This collection of personal papers, correspondence, production files, radio scripts, autobiographical writings, interviews, speeches, articles, songs, clippings, photographs and visual materials provides a wealth of documentation on the personal and professional life of Pulitzer prize-winning playwright, lyricist, director, screenwriter, comedian and play doctor, Abe Burrows.
Biographical/historical: Abe Burrows, playwright, lyricist, director, screenwriter, comedian and play doctor was born Abram S. Burrows on December 18, 1910 in New York City to Louis and Julia Burrows. His father was in the paint and wallpaper business. He graduated from New Utrecht High School in Brooklyn and attended City College and New York University first in a pre-med program and then studying accounting. In 1931 he was hired by a brokerage firm on Wall Street where he worked for three years. He then worked in his father's paint business and as a traveling salesman for a maple syrup firm. During summers he was a popular entertainer in the Catskills and found he enjoyed making a living with his humor.
Burrows began selling radio sketches in 1938 and for four years was a writer for Ed Gardner's Duffy's Tavern, 1941-1945. He also wrote pieces for CBS Texaco Theater, The Joan Davis Show, and The Ford Program. In Hollywood he became a hit at exclusive parties with his satirical songs and recitations with titles such as The Girl with the Three Blue Eyes and I'm Walking down Memory Lane without a Single Thing to Remember. During the course of his career, he appeared on many radio and TV programs, recorded two albums of songs and published An Abe Burrows Songbook. In 1948 and 1949 he toured the country performing in nightclubs and also had his own radio shows: The Abe Burrows Show and Breakfast with Burrows .
Burrows' biggest hits, however, were in the world of musical theater. At CBS in Hollywood he had worked for Ernest Martin who later joined with Cy Feuer to produce Guys and Dolls. It was Martin who brought Burrows to work on the Broadway show. The Guys and Dolls that opened in November 1950 with book and lyrics by Burrows and music by Frank Loesser, was an award-winning production and major hit that ran for years and was revived in London, on Broadway and on school stages around the country. Burrows' other major hit, again with Frank Loesser, was How to Succeed in Business Without Really Tryingwhich won the Pulitzer Prize for drama in 1962.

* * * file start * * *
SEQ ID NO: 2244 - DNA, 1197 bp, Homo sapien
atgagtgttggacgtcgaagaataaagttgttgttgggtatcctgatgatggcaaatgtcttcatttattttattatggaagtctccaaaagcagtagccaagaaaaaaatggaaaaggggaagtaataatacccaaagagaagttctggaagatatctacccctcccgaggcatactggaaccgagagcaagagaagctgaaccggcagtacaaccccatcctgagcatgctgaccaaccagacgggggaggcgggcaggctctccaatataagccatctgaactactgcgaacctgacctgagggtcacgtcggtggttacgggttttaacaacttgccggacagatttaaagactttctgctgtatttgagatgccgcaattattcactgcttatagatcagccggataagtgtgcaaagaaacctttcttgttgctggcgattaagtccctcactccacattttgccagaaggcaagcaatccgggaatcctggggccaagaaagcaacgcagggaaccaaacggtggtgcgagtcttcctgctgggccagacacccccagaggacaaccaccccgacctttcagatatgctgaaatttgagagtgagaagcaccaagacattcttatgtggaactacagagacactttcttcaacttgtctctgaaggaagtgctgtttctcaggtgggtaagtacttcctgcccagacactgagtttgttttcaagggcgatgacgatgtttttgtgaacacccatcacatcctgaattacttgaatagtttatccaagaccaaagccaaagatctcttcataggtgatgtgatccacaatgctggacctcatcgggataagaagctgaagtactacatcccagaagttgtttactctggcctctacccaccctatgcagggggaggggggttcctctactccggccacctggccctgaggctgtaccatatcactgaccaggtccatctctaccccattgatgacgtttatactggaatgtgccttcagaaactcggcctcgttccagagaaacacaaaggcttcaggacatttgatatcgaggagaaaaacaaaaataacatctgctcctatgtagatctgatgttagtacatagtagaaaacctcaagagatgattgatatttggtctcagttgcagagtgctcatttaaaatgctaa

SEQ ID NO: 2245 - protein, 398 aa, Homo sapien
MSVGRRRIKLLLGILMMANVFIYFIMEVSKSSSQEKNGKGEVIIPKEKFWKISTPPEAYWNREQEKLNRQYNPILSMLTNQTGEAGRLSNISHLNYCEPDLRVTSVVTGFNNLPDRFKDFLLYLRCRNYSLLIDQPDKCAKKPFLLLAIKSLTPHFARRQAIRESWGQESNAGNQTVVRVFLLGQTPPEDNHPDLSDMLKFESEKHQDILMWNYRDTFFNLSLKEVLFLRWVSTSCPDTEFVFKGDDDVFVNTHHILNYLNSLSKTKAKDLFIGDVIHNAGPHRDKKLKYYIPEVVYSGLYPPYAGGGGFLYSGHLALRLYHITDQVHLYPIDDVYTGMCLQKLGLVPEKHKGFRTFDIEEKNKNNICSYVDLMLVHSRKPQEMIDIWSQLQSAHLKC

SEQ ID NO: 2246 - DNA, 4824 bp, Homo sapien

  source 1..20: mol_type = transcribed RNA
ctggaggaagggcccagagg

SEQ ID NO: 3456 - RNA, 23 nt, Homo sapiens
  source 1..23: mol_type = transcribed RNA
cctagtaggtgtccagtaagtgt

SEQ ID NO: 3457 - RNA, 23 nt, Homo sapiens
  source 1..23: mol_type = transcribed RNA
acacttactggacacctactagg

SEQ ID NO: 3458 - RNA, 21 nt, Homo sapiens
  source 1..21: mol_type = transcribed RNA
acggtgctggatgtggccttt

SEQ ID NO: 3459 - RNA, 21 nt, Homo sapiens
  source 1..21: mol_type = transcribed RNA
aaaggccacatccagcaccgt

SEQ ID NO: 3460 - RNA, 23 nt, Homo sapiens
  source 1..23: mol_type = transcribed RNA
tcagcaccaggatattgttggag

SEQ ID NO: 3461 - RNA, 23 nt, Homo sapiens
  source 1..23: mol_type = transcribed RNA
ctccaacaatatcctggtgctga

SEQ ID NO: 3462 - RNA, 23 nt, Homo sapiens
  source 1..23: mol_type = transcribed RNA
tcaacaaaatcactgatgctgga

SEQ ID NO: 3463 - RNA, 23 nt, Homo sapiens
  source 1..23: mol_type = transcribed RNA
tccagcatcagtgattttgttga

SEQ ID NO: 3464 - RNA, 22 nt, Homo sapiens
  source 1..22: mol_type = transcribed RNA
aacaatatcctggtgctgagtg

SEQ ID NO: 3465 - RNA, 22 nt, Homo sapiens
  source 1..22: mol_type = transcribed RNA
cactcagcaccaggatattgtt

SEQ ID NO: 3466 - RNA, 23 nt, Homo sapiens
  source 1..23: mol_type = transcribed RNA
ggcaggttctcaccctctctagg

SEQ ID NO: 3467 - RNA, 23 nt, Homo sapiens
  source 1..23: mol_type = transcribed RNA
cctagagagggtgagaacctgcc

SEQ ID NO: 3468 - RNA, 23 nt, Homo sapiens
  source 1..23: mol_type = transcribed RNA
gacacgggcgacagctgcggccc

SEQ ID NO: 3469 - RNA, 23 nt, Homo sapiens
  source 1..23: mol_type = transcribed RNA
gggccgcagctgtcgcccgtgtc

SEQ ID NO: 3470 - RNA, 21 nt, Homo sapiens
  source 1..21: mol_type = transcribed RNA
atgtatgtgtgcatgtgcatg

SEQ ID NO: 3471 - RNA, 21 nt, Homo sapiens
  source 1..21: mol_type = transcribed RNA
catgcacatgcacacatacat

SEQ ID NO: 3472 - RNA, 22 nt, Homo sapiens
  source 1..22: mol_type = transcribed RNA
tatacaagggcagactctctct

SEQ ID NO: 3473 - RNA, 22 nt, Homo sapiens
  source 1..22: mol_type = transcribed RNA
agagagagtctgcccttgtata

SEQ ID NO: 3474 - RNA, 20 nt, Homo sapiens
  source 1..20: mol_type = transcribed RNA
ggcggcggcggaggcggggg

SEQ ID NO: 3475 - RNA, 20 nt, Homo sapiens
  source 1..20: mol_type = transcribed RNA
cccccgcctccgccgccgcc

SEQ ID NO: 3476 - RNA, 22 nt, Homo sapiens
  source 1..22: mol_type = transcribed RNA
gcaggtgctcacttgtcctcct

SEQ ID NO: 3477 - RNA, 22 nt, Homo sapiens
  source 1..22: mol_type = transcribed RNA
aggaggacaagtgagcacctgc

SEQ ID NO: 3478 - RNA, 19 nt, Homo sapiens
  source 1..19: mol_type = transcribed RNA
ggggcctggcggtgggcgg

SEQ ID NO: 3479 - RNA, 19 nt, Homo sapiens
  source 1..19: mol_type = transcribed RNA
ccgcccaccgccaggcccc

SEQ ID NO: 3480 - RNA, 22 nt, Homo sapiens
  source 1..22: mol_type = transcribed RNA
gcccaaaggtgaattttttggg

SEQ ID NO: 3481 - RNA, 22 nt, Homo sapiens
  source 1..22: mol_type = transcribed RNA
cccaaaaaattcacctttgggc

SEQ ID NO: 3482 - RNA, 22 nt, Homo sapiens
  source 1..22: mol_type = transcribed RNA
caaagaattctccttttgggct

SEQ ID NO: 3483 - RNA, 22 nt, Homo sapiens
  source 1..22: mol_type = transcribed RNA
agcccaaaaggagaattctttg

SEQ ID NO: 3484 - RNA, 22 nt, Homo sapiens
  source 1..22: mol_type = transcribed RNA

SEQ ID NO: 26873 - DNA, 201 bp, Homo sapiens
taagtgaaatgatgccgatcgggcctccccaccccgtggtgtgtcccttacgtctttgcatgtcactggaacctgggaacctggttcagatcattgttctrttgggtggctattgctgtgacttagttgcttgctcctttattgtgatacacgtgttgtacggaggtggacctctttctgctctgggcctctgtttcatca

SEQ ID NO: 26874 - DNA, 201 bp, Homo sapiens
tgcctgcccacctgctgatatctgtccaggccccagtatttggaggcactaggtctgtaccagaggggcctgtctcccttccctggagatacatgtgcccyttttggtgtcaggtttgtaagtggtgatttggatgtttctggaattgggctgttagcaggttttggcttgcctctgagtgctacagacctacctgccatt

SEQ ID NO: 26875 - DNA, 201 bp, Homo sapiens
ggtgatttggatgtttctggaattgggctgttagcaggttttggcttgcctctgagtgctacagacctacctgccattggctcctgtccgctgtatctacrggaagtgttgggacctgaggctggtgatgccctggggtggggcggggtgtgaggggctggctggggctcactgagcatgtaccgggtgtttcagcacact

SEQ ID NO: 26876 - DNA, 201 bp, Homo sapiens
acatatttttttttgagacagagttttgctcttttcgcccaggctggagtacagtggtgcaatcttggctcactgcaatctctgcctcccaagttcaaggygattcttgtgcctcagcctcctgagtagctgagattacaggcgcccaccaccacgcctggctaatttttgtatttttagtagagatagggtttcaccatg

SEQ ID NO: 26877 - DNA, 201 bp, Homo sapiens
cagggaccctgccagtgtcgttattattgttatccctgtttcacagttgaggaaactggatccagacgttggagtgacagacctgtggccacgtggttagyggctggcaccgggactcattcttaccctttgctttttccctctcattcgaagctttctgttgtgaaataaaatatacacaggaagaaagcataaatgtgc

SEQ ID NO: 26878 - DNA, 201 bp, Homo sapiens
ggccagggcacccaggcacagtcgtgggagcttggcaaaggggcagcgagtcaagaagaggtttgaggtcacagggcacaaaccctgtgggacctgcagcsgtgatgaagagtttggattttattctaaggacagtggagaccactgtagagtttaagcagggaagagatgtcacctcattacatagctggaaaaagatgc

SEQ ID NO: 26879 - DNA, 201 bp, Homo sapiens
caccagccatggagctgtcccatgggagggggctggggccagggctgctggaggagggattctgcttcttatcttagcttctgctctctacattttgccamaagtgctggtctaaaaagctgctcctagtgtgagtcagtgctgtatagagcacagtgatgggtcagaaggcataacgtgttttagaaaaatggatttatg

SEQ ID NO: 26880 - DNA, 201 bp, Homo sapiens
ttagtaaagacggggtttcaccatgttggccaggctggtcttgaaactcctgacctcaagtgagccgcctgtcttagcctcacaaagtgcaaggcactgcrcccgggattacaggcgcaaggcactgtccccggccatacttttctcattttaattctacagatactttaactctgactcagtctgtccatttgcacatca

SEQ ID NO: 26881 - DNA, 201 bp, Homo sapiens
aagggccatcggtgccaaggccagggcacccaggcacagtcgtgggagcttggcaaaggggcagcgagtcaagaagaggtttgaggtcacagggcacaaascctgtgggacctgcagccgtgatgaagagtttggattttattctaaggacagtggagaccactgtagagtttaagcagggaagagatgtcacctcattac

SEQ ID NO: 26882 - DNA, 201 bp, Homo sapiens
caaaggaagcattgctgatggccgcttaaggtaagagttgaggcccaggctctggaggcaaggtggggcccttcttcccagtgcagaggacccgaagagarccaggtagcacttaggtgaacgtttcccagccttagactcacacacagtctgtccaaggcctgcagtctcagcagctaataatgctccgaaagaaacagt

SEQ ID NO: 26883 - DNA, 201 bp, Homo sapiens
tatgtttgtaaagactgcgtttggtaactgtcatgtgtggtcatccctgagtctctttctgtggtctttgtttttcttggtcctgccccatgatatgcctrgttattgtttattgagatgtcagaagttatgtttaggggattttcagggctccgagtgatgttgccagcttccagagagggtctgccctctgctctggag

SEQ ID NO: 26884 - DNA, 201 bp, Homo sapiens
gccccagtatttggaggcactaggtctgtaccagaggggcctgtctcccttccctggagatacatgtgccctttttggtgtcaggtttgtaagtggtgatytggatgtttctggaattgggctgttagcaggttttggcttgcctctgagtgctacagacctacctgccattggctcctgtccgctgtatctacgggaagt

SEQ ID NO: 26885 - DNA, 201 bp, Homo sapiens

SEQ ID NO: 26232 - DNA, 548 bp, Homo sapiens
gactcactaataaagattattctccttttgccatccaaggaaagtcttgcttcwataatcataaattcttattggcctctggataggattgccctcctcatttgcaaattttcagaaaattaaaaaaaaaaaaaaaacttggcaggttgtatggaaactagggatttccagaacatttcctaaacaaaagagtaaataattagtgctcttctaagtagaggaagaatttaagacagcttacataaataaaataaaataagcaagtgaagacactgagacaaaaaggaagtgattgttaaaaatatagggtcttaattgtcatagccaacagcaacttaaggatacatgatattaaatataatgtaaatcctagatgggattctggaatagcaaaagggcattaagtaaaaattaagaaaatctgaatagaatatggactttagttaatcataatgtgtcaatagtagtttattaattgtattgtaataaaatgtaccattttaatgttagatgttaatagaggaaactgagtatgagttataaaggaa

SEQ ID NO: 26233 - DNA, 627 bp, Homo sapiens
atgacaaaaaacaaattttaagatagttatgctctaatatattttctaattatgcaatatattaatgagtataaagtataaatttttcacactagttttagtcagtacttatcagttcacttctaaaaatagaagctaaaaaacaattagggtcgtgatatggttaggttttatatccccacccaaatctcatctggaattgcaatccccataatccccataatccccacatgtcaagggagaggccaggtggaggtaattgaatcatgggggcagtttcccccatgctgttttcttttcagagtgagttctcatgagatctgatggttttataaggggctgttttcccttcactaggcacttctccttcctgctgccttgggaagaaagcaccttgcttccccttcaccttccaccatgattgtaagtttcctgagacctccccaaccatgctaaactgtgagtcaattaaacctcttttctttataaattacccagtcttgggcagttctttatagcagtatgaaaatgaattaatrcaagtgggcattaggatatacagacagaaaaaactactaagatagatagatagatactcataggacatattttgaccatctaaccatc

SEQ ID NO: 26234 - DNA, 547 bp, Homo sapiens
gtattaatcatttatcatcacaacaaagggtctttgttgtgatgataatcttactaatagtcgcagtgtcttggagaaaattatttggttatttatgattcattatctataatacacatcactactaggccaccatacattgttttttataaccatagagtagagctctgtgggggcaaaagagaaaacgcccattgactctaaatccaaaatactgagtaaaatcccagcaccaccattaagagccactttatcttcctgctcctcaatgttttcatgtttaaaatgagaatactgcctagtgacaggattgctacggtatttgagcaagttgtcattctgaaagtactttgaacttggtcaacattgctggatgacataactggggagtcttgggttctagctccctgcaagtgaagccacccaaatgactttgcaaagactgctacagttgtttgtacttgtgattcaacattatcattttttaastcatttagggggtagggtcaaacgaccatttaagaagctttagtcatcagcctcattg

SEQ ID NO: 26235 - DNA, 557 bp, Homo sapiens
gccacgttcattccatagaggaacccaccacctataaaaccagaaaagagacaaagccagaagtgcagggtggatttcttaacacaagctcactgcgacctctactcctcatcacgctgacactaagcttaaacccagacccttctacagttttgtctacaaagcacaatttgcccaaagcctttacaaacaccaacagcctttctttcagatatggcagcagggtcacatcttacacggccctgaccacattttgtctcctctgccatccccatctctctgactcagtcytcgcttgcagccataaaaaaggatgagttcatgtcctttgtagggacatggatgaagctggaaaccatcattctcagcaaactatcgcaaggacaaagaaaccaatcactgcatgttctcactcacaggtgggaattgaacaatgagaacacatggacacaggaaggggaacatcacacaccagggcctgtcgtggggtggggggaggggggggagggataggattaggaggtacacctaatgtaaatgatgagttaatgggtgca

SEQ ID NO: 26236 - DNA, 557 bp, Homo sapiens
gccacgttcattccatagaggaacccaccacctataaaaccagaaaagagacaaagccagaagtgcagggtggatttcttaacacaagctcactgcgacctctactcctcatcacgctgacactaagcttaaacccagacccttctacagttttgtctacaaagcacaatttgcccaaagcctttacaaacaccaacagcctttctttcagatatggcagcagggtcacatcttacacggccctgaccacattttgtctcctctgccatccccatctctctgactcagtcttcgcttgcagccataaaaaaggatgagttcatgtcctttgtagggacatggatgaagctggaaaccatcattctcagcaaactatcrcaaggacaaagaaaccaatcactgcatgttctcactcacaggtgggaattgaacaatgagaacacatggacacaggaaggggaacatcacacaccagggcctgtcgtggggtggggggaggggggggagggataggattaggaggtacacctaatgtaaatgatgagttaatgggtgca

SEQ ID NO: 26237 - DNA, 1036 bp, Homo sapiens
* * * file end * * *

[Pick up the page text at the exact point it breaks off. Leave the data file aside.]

From 1950 on Burrows' work was primarily for the Broadway stage as writer, director or both. In 1951 he doctored the musical Make a Wish, an adaption of Ferenc Molnar's The Good Fairy, and directed the revue, Two on the Aisle. In 1952 he was writer and director for Three Wishes for Jamie which he adapted with Charles O'Neal, in 1953 he wrote and directed Can-Can, and in 1954 he directed Reclining Figure. He adapted the screenplay of Ninotchka for the Cole Porter musical Silk Stockings and wrote the screenplay for Solid Gold Cadillacin 1955 and collaborated with Harry Kurnitz on Once More with Feeling in 1957 and with Richard and Marion Bissell on Say, Darlingwhich he also directed in 1958. He was also writer and director for First Impressions, an adaptation of Pride and Prejudice and director of Golden Fleecing in 1959, for Cactus Flower, 1965, for Holly Golightly, 1966, a musical theater remake of the film Breakfast at Tiffany'swhich closed before its Broadway opening, and for Four on a Garden, 1971 . His other directing credits include Happy Hunting, Golden Fleecing, What Makes Sammy Run?, Forty Carats, and No Hard Feelings. He was a director for Good News, 1974 and co-writer and director for Hellzapoppin', 1976, but left both shows before their openings. He also did some directing work on the show Forty-Second Street in 1981.
Burrows married his first wife Ruth in 1936. The couple had two children: James born in 1940 and Laurie in 1944, and were divorced in 1948. He married Carin Smith on October 2, 1950. Abe Burrows died on May 17, 1985 after a long illness.
Content: This collection of personal papers, correspondence, production files, radio scripts, autobiographical writings, interviews, speeches, articles, songs, business files, clippings, photographs and other visual materials provides a wealth of documentation on Abe Burrows' personal and professional life. The early radio scripts of the comedian, the detailed files on each stage production especially Can-Can, How to Succeed in Business Without Really Trying, and Cactus Flower, the large collection of opening night telegrams, and the extensive correspondence with family, friends and colleagues illuminate Burrows' personality and career. Includes long, informative and personal letters to his wife Carin when they were apart, working files for his Abe Burrows Songbook, 1955, articles, both published and unpublished, on show business and non-show business topics, sketches, notes and ideas for possible radio or television shows, movies or plays, various drafts of his autobiography, Honest Abe, 1980, caricatures and portrait photographs of Burrows as well as many shots of him with well known colleagues.
Extent: 50 lin. ft. 97 boxes, 29 volumes and 3 oversized folders